John: How do you accept an invitation?
Karina: An easy acceptance is Конечно, я приду.
John: “Sure, I will come.” This sentence is in the future tense, so let’s quickly review future tense.
Karina: There are a few ways to make sentences in future tense in Russian. The first is with simple future verbs.
John: Simple future verbs are usually formed by prefixes and suffixes. They’re conjugated according to a person, just like the present tense.
Karina: Let’s take слать, meaning “to send,” as an example. You first conjugate it according to person.
John: Let’s go with “I send.”
Karina: Я шлю. And then add the prefix при to this conjugation. Я пришлю.
John: “I will send.”
Karina: Some verbs have the prefix c instead.
John: What’s the other type of future sentences?
Karina: This uses the compound form. These are easier. All we need is the verb быть, "to be," in the future tense, and a verb in the infinitive.
John: Let’s go through an example.
Karina: Я буду ждать
John: “I will be waiting.”
Karina: You can also use the perfective form of the verb. This is similar to the future perfect tense in English.
John: This is used to show that the action will be finished shortly after speaking or by a particular time in the future.
Karina: An example is Почтальон принесёт почту завтра.
John: “The postman will bring the mail tomorrow.”

Outro

John: Okay, that’s all for this lesson. Thank you for listening everyone, and we’ll see you next time! Bye!
Karina: Пока!

5 Comments

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RussianPod101.com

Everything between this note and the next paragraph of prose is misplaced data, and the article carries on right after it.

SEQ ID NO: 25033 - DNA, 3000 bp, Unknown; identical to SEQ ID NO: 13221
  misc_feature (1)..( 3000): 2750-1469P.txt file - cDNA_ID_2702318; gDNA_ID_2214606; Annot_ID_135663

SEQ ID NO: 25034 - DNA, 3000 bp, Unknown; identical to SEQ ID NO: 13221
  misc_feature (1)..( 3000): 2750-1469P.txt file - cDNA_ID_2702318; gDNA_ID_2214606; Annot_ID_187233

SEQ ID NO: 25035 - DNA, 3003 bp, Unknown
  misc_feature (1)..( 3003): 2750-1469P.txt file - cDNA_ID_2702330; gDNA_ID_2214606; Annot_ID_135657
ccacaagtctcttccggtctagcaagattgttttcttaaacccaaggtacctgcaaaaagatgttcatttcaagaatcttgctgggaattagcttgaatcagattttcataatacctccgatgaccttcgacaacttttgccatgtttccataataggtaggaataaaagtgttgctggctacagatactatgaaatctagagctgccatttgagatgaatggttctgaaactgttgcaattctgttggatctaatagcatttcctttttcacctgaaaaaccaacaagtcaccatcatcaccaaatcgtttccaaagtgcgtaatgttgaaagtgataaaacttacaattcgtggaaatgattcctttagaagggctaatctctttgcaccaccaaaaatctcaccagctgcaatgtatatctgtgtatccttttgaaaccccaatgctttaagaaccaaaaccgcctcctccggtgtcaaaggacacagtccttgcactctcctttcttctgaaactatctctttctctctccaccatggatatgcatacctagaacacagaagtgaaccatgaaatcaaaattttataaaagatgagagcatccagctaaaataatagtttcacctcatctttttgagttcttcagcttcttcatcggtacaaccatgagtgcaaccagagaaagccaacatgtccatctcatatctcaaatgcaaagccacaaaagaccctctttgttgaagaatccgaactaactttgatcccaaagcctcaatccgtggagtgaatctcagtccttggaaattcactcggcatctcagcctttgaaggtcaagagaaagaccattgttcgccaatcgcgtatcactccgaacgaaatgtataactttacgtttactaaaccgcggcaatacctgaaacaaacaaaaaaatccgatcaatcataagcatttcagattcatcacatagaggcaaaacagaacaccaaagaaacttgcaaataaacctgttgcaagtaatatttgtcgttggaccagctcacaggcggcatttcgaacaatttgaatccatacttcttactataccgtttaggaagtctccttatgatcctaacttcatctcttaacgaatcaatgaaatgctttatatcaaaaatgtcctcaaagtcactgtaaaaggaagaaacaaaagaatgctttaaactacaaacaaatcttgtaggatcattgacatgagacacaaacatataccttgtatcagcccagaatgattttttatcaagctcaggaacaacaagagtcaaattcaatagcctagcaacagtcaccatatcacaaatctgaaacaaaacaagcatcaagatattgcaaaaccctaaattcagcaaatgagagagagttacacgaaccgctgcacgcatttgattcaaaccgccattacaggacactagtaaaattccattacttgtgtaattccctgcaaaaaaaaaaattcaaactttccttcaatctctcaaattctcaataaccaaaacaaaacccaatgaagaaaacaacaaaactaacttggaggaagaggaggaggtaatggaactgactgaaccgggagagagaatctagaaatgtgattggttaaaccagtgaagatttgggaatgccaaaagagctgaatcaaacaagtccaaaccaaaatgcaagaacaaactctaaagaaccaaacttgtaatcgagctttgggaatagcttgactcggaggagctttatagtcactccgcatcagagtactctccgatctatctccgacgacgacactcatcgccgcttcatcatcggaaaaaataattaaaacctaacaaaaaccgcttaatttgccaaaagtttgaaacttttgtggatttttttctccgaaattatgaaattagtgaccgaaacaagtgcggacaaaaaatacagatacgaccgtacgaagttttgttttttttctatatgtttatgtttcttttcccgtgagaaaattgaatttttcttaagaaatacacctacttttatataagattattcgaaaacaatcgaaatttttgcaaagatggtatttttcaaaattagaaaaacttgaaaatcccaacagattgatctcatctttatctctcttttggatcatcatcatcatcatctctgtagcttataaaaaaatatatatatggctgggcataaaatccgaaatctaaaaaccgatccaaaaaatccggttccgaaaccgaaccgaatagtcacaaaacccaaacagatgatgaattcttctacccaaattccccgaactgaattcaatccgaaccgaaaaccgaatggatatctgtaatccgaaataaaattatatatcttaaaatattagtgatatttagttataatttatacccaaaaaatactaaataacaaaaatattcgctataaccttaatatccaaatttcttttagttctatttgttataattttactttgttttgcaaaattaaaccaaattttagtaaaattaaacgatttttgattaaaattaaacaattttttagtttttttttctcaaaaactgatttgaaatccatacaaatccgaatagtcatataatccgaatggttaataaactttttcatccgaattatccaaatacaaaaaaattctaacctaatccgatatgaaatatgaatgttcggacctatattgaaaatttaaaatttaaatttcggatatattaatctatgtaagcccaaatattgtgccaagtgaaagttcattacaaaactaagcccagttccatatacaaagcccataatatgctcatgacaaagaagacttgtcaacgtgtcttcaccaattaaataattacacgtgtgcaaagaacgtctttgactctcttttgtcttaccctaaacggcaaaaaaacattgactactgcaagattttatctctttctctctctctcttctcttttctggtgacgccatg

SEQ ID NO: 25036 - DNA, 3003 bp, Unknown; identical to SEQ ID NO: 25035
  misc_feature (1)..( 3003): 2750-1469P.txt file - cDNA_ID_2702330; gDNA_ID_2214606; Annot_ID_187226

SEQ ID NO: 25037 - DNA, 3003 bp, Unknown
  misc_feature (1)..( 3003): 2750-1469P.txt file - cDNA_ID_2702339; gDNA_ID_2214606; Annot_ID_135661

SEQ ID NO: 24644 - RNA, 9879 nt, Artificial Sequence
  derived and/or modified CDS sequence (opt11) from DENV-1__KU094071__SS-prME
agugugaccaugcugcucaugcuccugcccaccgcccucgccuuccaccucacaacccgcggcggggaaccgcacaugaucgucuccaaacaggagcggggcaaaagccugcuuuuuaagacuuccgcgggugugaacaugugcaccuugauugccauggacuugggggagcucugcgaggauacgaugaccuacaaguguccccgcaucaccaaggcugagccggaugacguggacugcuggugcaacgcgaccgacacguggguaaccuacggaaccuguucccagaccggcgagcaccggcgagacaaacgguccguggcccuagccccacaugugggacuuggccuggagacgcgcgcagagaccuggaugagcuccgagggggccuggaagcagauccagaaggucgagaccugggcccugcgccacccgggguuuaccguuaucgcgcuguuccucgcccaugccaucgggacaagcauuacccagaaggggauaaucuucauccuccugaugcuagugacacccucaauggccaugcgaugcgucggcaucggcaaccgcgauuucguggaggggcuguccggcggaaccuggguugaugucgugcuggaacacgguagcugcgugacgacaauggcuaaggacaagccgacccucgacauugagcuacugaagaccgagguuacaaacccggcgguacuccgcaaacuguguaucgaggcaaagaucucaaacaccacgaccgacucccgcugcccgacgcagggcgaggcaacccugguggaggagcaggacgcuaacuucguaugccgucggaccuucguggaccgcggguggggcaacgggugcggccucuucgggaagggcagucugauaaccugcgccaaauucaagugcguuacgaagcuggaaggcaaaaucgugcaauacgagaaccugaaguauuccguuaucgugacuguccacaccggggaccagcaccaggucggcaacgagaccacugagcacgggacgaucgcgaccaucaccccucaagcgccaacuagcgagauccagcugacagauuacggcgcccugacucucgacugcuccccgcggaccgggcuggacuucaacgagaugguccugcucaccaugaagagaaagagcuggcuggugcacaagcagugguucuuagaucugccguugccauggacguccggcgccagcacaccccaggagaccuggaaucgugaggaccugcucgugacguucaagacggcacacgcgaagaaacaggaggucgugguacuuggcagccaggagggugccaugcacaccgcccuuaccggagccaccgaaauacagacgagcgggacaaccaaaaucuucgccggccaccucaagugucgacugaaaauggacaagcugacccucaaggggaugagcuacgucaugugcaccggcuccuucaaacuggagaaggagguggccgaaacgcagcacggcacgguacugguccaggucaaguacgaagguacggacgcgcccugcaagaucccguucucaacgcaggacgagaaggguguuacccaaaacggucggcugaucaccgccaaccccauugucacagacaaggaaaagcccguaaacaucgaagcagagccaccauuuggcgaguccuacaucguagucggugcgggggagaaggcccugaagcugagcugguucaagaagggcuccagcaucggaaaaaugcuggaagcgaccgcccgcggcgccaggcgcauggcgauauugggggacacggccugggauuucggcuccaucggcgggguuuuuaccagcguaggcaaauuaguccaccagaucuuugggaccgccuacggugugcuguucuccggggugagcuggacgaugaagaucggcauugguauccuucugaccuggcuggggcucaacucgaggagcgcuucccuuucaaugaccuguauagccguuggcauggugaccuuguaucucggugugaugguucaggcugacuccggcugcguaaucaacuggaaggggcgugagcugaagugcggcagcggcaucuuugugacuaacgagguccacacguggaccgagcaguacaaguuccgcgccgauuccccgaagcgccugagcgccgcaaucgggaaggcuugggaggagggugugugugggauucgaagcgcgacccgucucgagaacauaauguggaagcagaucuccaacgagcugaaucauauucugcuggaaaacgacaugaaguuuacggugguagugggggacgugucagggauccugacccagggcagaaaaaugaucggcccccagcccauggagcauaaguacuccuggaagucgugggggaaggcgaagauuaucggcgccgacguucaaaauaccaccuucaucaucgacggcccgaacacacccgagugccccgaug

Monday at 6:30 pm
Pinned Comment
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Do you like after work gatherings among colleagues?

RussianPod101.comVerified
Sunday at 11:49 pm
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Hello Olivier (как салат!),


1. Прислать / Пoслать, Присылать / Пoсылать - these words have different meanings.


"Пoслать/посылать" means "to send", sending was done, without mentioning if it was delivered to the addressee. "Прислать/присылать" means it was sent and delivered (received).


Прислать / Пoслать - perfecive verbs, and Присылать / Пoсылать - imperfective.


2. "слать" is imperfective. Actually, this verb is rarely used in daily life.


3. отправлять / отправить - they have the same meaning, just first one is imperfective and second one is perfective.


Elena

Team RussianPod101.com

Olivier (как салат)
Sunday at 9:48 pm
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Sure, Elena, basically, do these verbs have exactly the same meaning?

RussianPod101.comVerified
Sunday at 9:21 pm
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Hello Olivier (как салат!),


Can you please specify your question? The meaning of "indifferently" is a little bit unclear for me.


Thank you,

Elena

Team RussianPod101.com

Olivier (как салат!)
Thursday at 3:31 am
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Hi,

I'm confused:

1) Can you use indifferently Присылать / Пoсылать and слать ?

2) Can you use indifferently Прислать / Пoслать

3) What about отправлять / отправить?

Thanks!